This winter is the first, since I’ve been dating my boyfriend, that I will not be having his family’s delicious Czech Christmas cookies (sušenky) to inhale. He’s left me behind in the Montana tundra while he basks in the lights and glory of the Karlův Most at Christmas. Which, now that I’m writing this, I realize will probably be for the best as I tend to really enjoy the tins full of them when they’re around.
I was worried when I was making them, as I wasn’t sure if I’d be able to do a 3 generations old recipe (at least) any justice. They’re done, and I can’t stop eating them.
This is my favorite out of an assortment of always nutty, buttery, sometimes chocolatey, beautifully formed cookies that his family spends days making every holiday season. They are called hrozinkovy (rozinka = raisin), with some other title that I’m unsure of and would certainly butcher anyway. This one, ironically, has no butter(!). They get their moist and soft texture from thoroughly pulverized raisins, egg yolks, and a coating of lemon glaze while they are still hot.
The only “Christmas” cookie cutter I have is a rather large snowman, so I opted for… less traditional shapes. Squirrels, ducks, and owls – selected out of carrot, dog bone, pear, kangaroo, wiener dog, bat and pig shapes, most of which I’ve collected slowly from trips to Sur a Table, an awesome kitchen store that I spent too much money at with my industry discount when I was cooking for a living.
Hrozinkovy (Czech Raisin Almond Cookies)
For the cookies:
- 1 c. raisins, frozen and buzzed in the food processor (a note on this in the beginning of the directions)*
- 2 c. almonds, buzzed very fine in the food processor
- 1 c. sugar
- zest of 2 lemons (reserve lemons for icing)
- 2 egg yolks
- 1 whole egg
- 1/2 tsp. salt
- 2/3-3/4 c. flour
For the icing:
- juice of 1 lemon
- 1 c. powdered sugar
*Before you start, a note on the raisins: the raisins become incredibly sticky and can be very hard on the food processor. To prevent jamming and gumming up of the food processor, first process the almonds, then roughly chopping the raisins in a cutting board to expose the sticky innards. Coat them with the almonds and the fine meal that is created when you process the almonds. After the raisins are coated, they will grind with much greater ease in the food processor.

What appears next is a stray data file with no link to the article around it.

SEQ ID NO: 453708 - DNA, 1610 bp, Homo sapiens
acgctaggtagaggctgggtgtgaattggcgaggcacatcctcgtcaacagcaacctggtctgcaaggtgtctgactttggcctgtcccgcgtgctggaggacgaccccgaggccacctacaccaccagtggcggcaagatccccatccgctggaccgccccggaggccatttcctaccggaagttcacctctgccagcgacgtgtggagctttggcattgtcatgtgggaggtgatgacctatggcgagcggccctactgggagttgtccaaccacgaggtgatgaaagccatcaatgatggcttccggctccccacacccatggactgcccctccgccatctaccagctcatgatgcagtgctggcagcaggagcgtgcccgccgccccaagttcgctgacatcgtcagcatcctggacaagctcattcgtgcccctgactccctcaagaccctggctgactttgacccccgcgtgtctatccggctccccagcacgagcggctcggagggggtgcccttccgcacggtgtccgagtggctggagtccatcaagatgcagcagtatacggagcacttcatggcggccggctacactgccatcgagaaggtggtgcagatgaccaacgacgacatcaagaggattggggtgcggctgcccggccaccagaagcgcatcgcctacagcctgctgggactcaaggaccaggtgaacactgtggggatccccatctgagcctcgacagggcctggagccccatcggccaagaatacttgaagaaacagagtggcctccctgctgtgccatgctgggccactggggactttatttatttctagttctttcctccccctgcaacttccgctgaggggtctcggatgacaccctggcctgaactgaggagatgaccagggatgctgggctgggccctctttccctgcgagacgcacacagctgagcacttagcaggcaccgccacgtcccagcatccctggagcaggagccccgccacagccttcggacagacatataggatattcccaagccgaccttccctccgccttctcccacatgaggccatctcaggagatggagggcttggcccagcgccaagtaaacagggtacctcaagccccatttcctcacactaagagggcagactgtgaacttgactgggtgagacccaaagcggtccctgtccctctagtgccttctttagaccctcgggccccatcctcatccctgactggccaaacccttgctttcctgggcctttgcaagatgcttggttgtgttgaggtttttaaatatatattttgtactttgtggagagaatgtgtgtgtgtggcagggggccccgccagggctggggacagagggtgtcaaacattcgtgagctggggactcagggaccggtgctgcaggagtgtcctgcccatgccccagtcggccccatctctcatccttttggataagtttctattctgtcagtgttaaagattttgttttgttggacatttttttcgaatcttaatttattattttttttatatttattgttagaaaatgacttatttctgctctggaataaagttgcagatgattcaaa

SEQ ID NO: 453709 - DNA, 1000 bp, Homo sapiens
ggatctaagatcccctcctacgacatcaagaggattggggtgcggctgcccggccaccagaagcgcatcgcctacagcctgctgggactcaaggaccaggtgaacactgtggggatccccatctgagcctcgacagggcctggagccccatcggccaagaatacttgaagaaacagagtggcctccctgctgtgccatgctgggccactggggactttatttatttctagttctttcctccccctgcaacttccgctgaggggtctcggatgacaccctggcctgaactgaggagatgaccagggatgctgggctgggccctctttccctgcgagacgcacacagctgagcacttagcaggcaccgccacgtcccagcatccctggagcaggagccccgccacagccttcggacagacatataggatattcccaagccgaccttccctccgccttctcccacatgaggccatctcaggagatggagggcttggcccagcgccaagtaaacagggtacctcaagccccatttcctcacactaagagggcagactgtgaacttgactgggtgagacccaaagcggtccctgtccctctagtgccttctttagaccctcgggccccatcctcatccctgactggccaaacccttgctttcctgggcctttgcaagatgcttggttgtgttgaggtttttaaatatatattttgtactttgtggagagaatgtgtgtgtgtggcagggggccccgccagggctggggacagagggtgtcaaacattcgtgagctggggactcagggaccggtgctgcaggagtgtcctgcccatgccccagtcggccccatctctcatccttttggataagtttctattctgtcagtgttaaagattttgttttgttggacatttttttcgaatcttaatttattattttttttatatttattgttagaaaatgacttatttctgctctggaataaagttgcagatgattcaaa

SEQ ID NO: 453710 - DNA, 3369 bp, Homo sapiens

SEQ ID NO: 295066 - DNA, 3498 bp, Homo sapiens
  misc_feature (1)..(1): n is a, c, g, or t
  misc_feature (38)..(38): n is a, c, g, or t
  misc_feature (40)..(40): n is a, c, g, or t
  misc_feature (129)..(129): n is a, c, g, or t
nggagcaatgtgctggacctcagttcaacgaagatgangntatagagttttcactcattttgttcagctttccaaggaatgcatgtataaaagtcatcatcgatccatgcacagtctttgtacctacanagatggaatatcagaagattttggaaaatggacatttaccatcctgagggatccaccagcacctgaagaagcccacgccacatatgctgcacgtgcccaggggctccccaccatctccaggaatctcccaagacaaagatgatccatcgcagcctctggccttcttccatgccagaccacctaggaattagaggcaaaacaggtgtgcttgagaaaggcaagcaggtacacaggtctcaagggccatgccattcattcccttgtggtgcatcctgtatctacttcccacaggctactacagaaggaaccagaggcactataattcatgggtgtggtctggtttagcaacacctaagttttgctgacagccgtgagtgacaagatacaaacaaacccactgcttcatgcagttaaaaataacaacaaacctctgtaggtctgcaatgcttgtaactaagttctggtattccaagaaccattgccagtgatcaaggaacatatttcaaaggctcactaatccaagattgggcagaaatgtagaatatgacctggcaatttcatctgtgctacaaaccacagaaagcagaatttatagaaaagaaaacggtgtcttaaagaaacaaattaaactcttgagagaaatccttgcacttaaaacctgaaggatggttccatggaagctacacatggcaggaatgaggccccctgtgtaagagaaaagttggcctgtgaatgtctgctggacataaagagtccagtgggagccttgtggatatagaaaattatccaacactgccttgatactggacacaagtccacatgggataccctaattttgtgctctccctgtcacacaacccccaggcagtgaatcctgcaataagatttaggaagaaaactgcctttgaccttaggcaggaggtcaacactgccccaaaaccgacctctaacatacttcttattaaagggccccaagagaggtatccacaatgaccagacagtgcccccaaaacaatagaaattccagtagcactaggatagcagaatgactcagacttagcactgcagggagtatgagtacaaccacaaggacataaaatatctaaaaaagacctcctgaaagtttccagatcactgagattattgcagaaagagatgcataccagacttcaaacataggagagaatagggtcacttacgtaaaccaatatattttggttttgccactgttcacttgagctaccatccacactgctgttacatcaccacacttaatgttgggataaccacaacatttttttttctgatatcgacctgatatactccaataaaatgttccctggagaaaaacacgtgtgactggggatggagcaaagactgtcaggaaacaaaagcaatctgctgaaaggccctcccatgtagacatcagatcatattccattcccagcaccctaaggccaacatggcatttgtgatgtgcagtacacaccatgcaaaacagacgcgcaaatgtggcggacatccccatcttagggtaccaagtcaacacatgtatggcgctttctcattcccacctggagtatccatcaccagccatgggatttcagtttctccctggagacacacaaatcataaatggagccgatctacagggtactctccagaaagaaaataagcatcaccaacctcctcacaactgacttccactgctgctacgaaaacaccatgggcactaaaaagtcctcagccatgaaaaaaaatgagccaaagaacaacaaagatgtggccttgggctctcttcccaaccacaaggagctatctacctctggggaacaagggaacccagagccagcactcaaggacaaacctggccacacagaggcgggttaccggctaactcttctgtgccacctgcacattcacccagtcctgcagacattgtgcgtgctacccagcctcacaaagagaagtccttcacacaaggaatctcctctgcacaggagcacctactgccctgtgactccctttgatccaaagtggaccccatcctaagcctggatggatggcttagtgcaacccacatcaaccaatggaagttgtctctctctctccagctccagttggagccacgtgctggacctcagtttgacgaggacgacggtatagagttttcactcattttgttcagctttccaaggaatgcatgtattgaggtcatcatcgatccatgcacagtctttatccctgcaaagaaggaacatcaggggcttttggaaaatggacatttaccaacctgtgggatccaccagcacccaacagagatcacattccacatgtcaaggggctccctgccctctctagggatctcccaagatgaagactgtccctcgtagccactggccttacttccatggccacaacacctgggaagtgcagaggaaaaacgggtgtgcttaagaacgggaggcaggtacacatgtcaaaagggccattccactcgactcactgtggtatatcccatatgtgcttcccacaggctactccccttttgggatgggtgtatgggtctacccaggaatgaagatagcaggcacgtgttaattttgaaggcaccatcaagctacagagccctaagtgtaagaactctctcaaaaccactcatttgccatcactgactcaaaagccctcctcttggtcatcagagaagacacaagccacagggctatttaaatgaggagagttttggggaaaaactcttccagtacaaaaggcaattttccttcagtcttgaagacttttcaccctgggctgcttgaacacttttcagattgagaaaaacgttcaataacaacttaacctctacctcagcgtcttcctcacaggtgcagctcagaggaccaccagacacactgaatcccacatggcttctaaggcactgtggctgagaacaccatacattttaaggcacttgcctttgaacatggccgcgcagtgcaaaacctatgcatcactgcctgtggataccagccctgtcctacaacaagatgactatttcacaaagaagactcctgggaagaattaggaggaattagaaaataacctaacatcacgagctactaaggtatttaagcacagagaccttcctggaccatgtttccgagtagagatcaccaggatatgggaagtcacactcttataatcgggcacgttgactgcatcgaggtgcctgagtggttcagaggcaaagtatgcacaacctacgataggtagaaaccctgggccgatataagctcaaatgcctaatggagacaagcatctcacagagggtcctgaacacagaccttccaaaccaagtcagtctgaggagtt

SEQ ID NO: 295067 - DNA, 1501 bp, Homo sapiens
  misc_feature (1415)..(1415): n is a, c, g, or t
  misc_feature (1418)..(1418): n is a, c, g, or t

In a small bowl, combine sugar with lemon zest, spices and salt.
Mix almond and raisin mixture with sugar mixture with an electric mixer for 1-2 minutes. Add egg and yolks, beat on medium until dough comes together. Add flour in batches and combine well. Cover mixing bowl in plastic and refrigerate for at least two hours, and up to overnight.
Before baking, prepare icing by adding lemon juice to 1 c. powdered sugar 1 tsp. at a time, mixing with whisk until it reaches the consistency of sweetened condensed milk.
Generously sprinkle additional flour on a wooden cutting board or other suitable rolling surface, and begin rolling half the dough about 1/8″ thick. Dough will be very sticky! Cut shapes with cookie cutters, and transfer to cookie sheet lined with parchment or a silicone baking mat (a Silpat, like this one, of which I do not own have… *ahem*).
Bake for 12-15 minutes or until edges are beginning to brown.
Within 1-2 minutes of removing cookies from oven (enough time to put another pan in the oven), brush icing over hot cookies with a pastry brush. Allow to set on cookie sheet, then transfer to wire racks to cool and dry completely. Storing them in an airtight container with a piece of sandwich bread torn in a few pieces will keep them moist for the better part of a week.